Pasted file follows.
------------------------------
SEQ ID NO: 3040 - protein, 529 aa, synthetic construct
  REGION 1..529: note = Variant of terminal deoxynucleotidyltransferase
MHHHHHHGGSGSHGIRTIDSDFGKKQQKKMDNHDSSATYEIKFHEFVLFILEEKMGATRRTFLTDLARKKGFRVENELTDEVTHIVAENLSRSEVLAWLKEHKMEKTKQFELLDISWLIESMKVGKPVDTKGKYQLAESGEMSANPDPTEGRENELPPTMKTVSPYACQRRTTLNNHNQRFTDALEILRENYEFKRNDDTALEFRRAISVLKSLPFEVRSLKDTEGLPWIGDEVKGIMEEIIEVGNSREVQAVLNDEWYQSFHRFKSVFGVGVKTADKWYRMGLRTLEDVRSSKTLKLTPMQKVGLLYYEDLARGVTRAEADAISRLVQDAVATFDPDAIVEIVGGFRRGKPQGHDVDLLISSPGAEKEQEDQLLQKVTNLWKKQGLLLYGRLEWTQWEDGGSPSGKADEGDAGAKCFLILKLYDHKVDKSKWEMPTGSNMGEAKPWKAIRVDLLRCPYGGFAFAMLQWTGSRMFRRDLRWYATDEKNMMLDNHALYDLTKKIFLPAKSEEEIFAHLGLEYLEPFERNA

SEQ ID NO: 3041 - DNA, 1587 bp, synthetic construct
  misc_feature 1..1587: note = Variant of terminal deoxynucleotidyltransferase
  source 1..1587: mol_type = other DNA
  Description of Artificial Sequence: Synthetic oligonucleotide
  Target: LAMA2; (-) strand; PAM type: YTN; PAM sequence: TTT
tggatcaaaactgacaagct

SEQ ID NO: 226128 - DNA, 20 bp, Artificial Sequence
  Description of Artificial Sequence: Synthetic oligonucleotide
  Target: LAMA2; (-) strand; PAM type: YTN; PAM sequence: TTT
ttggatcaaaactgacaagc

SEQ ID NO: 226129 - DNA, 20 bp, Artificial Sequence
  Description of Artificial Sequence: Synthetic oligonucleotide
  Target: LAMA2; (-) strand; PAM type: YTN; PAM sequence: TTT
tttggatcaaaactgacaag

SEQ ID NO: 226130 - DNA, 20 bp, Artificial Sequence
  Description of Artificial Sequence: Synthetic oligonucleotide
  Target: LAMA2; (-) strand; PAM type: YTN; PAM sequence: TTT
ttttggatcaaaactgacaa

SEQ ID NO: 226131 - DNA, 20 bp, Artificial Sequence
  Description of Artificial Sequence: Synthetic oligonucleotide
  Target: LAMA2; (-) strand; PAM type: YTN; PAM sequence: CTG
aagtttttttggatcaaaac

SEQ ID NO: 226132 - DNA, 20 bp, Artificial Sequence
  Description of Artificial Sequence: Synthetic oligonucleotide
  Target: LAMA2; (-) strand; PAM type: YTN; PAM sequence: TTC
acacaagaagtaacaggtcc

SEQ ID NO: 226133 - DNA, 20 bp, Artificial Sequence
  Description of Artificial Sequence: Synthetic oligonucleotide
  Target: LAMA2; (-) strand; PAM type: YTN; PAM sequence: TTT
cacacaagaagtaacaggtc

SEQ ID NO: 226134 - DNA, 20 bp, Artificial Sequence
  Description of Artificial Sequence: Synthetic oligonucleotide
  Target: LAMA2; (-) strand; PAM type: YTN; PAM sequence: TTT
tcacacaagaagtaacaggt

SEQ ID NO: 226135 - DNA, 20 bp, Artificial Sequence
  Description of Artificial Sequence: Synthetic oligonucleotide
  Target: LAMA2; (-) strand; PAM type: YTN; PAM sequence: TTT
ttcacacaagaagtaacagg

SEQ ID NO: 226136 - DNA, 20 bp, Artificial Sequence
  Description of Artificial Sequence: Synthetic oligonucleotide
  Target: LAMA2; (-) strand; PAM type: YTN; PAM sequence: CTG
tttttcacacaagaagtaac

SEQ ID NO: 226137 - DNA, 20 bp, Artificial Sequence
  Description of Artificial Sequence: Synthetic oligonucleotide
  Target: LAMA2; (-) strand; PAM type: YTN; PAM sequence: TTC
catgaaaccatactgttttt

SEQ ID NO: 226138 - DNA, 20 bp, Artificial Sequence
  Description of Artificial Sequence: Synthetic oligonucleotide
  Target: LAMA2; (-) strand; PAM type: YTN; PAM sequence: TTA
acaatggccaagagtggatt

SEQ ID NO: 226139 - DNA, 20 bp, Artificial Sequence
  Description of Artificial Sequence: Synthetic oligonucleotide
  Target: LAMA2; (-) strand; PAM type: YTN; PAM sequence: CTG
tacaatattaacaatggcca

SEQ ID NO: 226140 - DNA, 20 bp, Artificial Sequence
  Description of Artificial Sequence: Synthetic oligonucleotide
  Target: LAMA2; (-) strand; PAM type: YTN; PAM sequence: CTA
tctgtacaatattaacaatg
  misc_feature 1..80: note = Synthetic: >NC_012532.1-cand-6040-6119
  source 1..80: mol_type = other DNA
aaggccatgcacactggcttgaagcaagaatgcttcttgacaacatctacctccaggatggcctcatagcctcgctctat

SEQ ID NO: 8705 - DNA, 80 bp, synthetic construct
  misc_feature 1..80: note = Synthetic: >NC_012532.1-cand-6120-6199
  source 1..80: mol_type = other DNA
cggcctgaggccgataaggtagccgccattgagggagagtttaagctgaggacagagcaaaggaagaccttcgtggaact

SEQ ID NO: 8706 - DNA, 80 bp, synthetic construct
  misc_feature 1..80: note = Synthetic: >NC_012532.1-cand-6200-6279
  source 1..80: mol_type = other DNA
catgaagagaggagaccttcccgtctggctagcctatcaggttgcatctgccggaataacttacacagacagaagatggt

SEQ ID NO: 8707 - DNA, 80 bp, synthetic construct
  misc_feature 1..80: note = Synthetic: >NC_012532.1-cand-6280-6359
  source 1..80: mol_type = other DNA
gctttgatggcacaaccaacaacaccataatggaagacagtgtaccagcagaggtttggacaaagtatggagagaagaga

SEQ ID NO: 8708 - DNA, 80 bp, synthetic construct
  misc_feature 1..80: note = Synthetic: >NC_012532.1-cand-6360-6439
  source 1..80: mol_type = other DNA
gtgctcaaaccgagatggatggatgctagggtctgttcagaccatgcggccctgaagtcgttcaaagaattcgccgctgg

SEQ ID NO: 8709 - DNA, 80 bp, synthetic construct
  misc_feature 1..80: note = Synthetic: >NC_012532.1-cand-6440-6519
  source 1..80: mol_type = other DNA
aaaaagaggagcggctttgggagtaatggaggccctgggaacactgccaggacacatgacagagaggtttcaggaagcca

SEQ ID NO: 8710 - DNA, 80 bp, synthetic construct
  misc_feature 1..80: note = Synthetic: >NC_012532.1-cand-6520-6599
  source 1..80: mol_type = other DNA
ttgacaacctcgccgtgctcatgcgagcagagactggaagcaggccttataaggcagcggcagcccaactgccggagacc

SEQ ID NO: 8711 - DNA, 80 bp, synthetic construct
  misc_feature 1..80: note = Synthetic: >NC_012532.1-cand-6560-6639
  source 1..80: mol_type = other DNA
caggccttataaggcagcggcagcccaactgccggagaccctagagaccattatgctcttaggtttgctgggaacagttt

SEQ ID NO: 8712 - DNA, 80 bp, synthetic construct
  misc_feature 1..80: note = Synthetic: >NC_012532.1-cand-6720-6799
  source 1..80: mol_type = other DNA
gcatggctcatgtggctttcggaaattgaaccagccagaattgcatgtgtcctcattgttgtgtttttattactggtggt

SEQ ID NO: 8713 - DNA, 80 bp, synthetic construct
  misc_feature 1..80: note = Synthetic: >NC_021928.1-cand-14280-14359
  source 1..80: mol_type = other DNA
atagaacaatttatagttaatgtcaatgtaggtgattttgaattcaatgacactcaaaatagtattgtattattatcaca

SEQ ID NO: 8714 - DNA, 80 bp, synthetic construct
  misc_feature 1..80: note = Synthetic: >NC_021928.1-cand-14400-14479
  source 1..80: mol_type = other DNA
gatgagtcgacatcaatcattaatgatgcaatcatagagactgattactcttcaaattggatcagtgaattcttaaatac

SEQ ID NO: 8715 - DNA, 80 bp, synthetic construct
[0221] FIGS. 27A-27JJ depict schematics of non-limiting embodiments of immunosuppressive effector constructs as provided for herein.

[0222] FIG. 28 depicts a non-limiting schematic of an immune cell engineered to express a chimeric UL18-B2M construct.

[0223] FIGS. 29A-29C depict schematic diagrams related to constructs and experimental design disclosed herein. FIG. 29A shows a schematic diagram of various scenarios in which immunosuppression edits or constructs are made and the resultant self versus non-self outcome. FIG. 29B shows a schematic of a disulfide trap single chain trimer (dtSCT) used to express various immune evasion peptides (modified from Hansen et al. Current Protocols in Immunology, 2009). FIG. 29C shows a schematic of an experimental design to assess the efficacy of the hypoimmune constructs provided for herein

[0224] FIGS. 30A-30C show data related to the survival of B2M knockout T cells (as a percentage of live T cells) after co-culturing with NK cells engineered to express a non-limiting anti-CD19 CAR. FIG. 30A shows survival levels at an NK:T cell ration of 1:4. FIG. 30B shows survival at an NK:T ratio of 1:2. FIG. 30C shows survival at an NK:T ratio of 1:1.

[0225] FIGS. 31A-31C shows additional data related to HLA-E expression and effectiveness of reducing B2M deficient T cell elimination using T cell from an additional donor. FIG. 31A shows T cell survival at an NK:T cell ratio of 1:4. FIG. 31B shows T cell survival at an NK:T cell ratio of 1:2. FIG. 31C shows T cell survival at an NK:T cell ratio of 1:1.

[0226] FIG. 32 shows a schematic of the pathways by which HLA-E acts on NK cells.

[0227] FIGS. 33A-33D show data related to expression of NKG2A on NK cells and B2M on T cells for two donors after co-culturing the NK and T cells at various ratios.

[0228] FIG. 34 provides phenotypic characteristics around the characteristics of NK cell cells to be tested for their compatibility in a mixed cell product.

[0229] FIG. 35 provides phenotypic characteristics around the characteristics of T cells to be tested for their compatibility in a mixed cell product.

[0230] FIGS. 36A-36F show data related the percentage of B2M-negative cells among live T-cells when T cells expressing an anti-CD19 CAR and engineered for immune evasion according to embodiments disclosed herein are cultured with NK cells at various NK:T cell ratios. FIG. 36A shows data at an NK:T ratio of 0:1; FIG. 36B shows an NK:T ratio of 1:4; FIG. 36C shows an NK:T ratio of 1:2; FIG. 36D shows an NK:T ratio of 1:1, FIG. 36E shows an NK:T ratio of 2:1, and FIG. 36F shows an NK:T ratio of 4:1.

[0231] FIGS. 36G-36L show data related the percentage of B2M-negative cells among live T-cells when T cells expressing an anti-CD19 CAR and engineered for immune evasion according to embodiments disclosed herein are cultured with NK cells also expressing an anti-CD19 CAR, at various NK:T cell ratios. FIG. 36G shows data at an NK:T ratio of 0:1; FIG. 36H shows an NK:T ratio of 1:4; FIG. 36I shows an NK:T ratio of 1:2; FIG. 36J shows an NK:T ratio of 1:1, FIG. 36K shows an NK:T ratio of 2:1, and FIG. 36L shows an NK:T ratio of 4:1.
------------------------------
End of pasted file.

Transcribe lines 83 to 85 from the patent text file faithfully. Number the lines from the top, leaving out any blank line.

  source 1..80: mol_type = other DNA
aaaaagaggagcggctttgggagtaatggaggccctgggaacactgccaggacacatgacagagaggtttcaggaagcca

SEQ ID NO: 8710 - DNA, 80 bp, synthetic construct